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This Girl Changes the World: Water or Plastic Documentary
water or plastic video image

"Water or Plastic," a documentary on microplastics produced by Sacred Heart students, won First Place in the Watertopia category in a national environmental film competition on June 11, 2020. 

Sacred Heart students enrolled in Environmental Science and Digital Media collaborated to on a project to educate their peers and larger community on the origin of microplastics and their impact in Louisiana. Combining their primary research, insight from Dr. Mark Benfield from the Department of Oceanography & Coastal Sciences at LSU and their own storytelling and production skills, students created a documentary and entered it in an environmental film competition hosted by GreenShorts Louisiana.

GreenShorts began in Los Angeles at UCLA's Institute of Environment and Sustainability, and through a partnership with the LSU College of the Coast and Environment, Louisiana high school students were invited to participate. Submissions to the contest were evaluated by judges at LSU and UCLA before moving to a final round, which was judged by a team comprised of representatives from Netflix, Skydance Media and Vulcan Productions.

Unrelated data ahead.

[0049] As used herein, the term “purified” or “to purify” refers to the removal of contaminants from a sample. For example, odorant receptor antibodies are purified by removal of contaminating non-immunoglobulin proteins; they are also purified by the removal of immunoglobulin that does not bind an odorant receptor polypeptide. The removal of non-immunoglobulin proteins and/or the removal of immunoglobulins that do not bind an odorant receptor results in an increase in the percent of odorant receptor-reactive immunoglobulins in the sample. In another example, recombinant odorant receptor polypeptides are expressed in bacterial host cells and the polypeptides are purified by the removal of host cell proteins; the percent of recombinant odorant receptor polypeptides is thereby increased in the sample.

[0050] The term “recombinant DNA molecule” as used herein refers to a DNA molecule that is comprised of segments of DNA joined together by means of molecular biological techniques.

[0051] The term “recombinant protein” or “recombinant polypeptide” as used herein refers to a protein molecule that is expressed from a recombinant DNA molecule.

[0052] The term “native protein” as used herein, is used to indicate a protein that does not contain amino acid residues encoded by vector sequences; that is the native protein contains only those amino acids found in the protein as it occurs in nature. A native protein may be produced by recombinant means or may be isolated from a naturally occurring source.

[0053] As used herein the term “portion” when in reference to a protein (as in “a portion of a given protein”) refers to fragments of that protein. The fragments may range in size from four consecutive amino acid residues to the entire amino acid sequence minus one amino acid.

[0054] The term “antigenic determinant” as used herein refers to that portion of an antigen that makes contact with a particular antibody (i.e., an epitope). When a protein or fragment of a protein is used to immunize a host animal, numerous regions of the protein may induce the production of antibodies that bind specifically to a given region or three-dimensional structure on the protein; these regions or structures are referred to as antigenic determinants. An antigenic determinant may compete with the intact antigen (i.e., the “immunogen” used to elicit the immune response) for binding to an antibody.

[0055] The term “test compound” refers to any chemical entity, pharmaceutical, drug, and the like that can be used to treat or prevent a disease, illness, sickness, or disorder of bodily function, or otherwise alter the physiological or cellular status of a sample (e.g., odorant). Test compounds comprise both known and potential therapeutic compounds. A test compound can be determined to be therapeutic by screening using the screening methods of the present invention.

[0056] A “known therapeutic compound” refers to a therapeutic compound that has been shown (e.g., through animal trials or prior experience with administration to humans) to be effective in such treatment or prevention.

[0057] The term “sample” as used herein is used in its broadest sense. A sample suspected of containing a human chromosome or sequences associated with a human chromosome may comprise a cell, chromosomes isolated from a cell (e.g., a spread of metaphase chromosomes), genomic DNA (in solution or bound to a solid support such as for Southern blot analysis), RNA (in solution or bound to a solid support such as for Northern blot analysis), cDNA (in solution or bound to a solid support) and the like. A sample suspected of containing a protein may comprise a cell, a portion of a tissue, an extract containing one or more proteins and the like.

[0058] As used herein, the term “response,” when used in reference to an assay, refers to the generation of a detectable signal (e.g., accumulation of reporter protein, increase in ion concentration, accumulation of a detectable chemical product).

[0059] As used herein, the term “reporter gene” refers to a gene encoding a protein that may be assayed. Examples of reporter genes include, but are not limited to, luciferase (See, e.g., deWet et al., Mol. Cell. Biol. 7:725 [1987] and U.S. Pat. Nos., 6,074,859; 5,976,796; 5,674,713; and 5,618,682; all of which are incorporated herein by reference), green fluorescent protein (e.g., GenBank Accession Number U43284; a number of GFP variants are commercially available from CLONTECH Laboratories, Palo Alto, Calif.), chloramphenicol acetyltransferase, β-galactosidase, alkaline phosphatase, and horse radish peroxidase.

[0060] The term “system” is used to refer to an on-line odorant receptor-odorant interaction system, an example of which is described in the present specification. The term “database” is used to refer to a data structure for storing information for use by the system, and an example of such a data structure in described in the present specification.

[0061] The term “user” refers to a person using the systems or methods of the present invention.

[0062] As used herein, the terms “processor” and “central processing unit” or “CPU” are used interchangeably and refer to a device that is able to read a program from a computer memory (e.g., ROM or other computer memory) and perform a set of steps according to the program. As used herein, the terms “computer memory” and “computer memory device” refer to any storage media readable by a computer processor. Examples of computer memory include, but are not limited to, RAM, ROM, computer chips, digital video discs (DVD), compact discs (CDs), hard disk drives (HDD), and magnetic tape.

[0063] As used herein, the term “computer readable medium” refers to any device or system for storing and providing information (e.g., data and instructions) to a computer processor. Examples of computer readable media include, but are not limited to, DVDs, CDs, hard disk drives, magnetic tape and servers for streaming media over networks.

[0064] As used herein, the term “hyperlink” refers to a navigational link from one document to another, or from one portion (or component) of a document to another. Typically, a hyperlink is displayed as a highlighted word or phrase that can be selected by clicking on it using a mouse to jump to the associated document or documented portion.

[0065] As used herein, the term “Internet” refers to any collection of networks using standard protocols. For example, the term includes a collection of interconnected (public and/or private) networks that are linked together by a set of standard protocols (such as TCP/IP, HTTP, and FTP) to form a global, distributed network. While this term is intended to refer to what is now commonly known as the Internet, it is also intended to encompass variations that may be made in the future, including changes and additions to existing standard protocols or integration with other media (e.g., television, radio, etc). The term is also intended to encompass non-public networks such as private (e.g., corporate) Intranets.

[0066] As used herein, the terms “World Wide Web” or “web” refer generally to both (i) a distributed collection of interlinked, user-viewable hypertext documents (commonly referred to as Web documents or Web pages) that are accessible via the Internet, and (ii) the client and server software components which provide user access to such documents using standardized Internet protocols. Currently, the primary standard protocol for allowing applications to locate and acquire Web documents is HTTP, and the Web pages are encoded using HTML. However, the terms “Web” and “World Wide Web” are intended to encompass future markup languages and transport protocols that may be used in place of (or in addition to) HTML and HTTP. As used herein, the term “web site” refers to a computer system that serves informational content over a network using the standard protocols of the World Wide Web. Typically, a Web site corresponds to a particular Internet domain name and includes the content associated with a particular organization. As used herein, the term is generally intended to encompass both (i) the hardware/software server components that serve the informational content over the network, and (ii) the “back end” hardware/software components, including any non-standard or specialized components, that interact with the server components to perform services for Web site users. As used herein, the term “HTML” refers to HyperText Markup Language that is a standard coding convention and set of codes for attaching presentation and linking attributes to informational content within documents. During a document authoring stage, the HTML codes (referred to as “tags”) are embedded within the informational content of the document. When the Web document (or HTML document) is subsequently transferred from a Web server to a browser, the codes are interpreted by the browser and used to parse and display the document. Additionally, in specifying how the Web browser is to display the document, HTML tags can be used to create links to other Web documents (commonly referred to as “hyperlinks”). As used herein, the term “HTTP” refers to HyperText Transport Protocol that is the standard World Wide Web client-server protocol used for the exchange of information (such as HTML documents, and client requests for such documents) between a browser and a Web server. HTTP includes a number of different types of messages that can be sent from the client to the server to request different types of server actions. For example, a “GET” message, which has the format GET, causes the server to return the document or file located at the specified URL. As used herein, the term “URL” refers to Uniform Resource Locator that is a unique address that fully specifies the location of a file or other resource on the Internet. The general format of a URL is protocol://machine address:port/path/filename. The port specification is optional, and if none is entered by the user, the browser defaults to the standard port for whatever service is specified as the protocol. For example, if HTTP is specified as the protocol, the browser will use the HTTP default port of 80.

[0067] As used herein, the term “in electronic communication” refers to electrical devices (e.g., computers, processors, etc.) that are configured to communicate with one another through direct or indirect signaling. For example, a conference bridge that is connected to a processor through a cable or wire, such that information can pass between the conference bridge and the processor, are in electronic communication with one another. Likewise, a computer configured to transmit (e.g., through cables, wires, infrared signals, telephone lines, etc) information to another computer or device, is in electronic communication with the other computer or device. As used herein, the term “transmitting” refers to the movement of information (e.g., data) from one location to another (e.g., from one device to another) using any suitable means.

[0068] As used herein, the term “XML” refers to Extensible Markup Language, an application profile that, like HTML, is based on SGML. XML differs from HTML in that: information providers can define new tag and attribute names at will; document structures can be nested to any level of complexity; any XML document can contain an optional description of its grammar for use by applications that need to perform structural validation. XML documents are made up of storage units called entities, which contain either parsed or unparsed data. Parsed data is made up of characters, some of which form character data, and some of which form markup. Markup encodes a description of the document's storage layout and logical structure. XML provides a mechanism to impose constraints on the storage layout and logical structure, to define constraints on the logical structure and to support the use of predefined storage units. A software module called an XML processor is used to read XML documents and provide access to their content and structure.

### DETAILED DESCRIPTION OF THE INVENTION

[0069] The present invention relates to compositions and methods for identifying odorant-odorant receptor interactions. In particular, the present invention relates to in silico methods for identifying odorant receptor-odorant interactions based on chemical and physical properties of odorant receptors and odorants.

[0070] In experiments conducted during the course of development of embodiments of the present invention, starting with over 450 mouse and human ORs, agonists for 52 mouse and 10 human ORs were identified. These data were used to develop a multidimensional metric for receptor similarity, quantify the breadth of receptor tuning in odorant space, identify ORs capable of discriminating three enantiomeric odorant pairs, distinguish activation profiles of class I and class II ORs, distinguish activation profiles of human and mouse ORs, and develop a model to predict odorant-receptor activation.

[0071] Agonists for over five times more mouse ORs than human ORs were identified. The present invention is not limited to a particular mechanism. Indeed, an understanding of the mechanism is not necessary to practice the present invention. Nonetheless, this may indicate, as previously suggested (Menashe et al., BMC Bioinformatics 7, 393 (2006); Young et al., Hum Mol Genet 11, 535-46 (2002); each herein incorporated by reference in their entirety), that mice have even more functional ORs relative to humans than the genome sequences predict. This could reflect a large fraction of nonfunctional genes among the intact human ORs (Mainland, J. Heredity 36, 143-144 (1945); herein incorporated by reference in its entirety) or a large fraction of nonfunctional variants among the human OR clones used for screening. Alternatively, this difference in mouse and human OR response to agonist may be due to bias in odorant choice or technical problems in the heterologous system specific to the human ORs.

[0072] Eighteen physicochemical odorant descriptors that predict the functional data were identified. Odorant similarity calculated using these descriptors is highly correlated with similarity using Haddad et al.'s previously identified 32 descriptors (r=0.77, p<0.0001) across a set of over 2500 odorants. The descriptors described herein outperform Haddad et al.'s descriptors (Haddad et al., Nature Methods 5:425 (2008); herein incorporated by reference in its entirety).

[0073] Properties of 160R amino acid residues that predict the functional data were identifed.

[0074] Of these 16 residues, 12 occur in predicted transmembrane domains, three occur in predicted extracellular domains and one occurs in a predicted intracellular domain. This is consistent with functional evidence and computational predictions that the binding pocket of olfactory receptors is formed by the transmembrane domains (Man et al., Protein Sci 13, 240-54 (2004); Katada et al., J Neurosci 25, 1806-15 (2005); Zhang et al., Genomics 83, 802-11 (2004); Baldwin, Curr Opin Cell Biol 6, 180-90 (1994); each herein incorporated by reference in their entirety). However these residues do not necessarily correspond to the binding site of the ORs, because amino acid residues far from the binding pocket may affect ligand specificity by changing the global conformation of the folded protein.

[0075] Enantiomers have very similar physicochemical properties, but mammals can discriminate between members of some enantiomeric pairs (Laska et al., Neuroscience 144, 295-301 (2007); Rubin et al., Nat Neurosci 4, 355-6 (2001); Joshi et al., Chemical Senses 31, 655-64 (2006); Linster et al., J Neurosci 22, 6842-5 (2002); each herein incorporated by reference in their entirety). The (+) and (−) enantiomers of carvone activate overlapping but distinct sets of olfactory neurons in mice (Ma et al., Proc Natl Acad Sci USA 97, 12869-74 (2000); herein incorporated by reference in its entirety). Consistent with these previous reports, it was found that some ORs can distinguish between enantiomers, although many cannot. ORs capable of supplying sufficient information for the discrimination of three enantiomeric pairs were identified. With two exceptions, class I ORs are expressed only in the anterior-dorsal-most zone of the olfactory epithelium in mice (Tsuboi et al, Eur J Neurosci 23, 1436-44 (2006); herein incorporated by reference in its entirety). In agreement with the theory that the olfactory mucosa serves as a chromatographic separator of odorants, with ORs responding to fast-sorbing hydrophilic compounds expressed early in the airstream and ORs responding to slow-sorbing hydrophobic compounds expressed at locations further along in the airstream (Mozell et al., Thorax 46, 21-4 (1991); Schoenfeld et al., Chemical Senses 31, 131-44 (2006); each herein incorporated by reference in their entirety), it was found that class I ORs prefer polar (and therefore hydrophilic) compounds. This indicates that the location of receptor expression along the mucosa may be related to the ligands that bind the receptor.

Congratulations to the team whose passion, field research, analysis, interviews, writing, filming and editing combined to create a compelling narrative on the impact of this global issue in our local waterways. Thank you for making a difference!

Watch the video to see the completed product of our Sacred Heart students >


Water or Plastic Project Summary:

Single-use plastics have become a huge part of our lives. However, these plastics very often end up in our waterways, release chemicals, and break down into microplastics. You might not be able to see them, but microplastics are in our water. Although trash heaps are easier to spot in waterways, microplastics – pieces of plastic smaller than several millimeters – have started to be found even in human tissue.

The plastic pieces release caustic chemicals that make their way through the food chain, ending up on our dinner plates. Students of the Academy of the Sacred Heart wanted to help explain how this is becoming a big problem in the Bayou State and what we can do to fix this.


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